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11 Tips for Keeping Hibiscus Blooming All Season Long

11 Tips for Keeping Hibiscus Blooming All Season Long

All hibiscus varieties bloom around mid to late summer, treating us to bold and beautiful flowers for around 3 to 4 weeks out of the year – but this is far too short a time to appreciate their splendor!

With consistent and appropriate care, every gardener can significantly extend the hibiscus plant’s blooming cycle. Here are 11 tips for success…

1. Fertilize Routinely

Hibiscus plants are exceptionally heavy feeders and will appreciate additional nutrients during their active growing season to provide them with abundant blooms.

  • As fertilizer options go for hibiscus plants, you can choose to use a diluted liquid fertilizer, a slow-release granular fertilizer (this one is excellent), or you can add potassium-rich compost to your soil (the easiest choice if you’re growing hibiscus directly outdoors).
  • Amy Andrychowicz of Get Busy Gardening recommends applying an organic water-soluble fertilizer like this one once a week during spring and summer (4 tbsp. per gallon of water), as this can be used on indoor and outdoor potted hibiscus and contains no synthetic chemicals that would otherwise hinder flower growth.
  • Stop fertilizing indoor and outdoor plants over fall/winter as they need this dormant “shut-down” period to re-focus their energy from flowers to root growth.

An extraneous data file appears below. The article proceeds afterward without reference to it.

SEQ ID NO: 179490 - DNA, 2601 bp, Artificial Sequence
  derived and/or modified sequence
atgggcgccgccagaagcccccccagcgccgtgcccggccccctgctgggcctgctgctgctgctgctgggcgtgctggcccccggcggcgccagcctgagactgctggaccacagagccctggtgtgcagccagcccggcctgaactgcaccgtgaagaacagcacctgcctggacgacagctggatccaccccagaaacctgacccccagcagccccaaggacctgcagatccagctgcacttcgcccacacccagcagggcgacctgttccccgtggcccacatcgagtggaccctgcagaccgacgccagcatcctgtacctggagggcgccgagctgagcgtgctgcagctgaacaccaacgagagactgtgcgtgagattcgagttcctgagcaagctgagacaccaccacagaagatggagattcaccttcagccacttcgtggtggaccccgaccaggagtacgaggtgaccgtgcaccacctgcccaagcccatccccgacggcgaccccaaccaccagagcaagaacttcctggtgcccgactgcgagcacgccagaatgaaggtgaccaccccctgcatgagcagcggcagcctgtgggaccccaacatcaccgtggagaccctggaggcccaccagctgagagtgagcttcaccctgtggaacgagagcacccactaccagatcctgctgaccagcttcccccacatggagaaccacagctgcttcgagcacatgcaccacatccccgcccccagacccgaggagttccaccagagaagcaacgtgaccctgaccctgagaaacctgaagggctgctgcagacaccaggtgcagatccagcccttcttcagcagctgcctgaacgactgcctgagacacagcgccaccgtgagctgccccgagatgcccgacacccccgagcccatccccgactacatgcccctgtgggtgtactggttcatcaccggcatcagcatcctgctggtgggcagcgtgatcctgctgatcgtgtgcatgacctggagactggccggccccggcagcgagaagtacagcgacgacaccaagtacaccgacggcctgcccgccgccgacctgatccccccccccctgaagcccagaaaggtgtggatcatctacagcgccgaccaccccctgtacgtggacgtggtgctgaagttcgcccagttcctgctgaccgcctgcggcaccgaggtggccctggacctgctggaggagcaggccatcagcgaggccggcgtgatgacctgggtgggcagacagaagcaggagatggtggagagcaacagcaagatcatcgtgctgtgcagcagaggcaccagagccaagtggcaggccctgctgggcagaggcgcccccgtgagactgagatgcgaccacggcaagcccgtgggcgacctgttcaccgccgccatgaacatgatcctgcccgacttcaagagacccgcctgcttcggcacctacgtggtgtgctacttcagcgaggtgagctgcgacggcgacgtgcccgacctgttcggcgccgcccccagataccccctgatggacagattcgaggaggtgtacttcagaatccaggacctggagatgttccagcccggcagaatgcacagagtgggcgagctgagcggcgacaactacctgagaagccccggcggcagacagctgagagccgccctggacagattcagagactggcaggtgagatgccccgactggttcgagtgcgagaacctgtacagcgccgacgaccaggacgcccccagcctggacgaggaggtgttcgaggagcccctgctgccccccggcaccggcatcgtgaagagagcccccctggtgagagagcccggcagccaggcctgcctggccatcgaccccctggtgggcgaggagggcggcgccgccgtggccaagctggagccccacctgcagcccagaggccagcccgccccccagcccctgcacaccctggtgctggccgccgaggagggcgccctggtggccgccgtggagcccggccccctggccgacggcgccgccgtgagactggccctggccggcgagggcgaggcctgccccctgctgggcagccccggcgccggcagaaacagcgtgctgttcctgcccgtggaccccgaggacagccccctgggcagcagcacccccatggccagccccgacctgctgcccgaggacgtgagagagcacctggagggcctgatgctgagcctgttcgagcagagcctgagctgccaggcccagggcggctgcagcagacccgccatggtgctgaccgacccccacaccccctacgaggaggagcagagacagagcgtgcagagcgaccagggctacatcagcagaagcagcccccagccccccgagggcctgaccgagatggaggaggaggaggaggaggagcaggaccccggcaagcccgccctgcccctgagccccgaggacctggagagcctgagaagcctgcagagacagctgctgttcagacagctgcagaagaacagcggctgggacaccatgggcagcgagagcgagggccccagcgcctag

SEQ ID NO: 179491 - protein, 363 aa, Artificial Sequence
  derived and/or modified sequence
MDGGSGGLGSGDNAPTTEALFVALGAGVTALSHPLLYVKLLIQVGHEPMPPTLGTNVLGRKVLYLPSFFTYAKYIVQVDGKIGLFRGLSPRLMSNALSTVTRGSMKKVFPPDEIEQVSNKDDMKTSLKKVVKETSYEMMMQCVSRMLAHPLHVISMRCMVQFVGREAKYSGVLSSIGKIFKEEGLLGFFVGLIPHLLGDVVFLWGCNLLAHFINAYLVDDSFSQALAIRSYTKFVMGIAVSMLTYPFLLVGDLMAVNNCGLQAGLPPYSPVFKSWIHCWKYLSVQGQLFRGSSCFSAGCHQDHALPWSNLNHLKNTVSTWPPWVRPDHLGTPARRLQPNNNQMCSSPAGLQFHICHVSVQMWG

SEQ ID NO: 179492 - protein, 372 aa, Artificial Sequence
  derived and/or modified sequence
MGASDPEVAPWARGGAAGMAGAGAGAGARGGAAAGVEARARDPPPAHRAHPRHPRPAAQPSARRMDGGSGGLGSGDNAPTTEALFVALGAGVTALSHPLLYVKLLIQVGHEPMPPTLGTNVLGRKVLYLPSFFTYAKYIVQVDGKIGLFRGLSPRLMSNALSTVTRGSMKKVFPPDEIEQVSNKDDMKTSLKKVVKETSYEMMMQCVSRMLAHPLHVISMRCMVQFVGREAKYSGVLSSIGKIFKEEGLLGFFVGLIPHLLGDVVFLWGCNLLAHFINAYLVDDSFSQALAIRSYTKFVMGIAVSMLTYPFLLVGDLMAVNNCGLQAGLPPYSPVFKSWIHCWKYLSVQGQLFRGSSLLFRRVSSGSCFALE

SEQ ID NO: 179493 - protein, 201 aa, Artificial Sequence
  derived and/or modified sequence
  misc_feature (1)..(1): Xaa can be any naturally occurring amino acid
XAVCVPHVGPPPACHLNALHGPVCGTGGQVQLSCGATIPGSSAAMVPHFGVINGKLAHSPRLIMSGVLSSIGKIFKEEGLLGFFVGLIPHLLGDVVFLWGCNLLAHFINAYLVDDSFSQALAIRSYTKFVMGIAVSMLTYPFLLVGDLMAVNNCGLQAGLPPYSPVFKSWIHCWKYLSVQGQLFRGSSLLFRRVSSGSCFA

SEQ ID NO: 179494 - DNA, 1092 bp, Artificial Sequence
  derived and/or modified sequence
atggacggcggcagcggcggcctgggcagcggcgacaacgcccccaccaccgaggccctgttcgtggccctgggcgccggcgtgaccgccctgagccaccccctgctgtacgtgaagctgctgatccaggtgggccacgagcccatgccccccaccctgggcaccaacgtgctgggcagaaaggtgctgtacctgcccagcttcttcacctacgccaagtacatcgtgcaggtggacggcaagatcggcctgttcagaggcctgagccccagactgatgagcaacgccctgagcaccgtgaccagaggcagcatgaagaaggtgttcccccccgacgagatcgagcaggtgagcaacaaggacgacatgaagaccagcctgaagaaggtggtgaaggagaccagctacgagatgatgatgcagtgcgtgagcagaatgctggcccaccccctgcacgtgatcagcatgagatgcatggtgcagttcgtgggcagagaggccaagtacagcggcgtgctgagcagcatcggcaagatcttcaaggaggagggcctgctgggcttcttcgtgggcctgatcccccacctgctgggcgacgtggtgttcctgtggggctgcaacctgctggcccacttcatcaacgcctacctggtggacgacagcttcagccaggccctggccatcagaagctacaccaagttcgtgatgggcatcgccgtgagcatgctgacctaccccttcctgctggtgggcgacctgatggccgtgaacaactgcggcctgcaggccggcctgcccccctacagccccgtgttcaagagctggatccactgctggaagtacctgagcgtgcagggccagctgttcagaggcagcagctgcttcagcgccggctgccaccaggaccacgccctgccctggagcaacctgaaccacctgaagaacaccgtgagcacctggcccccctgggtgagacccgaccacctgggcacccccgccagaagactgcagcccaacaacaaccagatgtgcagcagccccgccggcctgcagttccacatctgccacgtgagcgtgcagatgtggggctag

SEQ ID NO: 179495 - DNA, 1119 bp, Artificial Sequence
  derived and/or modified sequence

2. Water Consistently

These plants crave water in their blooming stage, which can make over-watering far too easy to do.

But don’t worry – the weather and the feel of the soil will be your guide to creating (and sticking by) a good watering routine.

  • Avid gardener Lisa from The Practical Planter advises watering your hibiscus daily in its first week after being planted/potted before “tapering off to twice a week after that. Continue using this twice-a-week ideal, aside from when there is rainfall, and switch back to daily watering if the weather turns notably hot and dry.”
  • As tropical plants, hibiscus soil should remain moist but not soggy or dry, so when in doubt, stick your finger about 1-2 inches deep in the soil, and if it feels dry or barely moist, it’s time to water. If it feels evenly moist or wet, check back the following day. You can always use a soil moisture monitor too!